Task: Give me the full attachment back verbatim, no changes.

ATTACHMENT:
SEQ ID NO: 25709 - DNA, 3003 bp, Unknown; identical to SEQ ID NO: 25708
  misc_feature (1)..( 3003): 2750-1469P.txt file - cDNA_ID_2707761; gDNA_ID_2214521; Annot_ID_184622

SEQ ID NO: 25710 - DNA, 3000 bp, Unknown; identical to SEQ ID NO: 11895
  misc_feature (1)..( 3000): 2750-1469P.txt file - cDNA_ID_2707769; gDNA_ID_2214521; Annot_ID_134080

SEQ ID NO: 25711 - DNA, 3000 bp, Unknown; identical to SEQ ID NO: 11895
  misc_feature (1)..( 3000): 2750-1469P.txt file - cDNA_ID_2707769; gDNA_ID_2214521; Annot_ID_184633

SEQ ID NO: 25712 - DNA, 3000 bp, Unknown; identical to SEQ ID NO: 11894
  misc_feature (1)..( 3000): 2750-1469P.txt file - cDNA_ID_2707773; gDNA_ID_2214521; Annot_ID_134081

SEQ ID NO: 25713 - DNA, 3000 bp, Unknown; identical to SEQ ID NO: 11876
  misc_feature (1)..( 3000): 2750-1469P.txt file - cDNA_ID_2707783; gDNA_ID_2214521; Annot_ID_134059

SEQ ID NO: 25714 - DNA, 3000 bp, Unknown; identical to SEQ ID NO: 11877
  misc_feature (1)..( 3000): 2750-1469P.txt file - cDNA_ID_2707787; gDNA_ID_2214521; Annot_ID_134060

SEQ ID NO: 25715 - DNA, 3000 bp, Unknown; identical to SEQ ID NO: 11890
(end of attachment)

SEQ ID NO: 25709 - DNA, 3003 bp, Unknown; identical to SEQ ID NO: 25708
  misc_feature (1)..( 3003): 2750-1469P.txt file - cDNA_ID_2707761; gDNA_ID_2214521; Annot_ID_184622

SEQ ID NO: 25710 - DNA, 3000 bp, Unknown; identical to SEQ ID NO: 11895
  misc_feature (1)..( 3000): 2750-1469P.txt file - cDNA_ID_2707769; gDNA_ID_2214521; Annot_ID_134080

SEQ ID NO: 25711 - DNA, 3000 bp, Unknown; identical to SEQ ID NO: 11895
  misc_feature (1)..( 3000): 2750-1469P.txt file - cDNA_ID_2707769; gDNA_ID_2214521; Annot_ID_184633

SEQ ID NO: 25712 - DNA, 3000 bp, Unknown; identical to SEQ ID NO: 11894
  misc_feature (1)..( 3000): 2750-1469P.txt file - cDNA_ID_2707773; gDNA_ID_2214521; Annot_ID_134081

SEQ ID NO: 25713 - DNA, 3000 bp, Unknown; identical to SEQ ID NO: 11876
  misc_feature (1)..( 3000): 2750-1469P.txt file - cDNA_ID_2707783; gDNA_ID_2214521; Annot_ID_134059

SEQ ID NO: 25714 - DNA, 3000 bp, Unknown; identical to SEQ ID NO: 11877
  misc_feature (1)..( 3000): 2750-1469P.txt file - cDNA_ID_2707787; gDNA_ID_2214521; Annot_ID_134060

SEQ ID NO: 25715 - DNA, 3000 bp, Unknown; identical to SEQ ID NO: 11890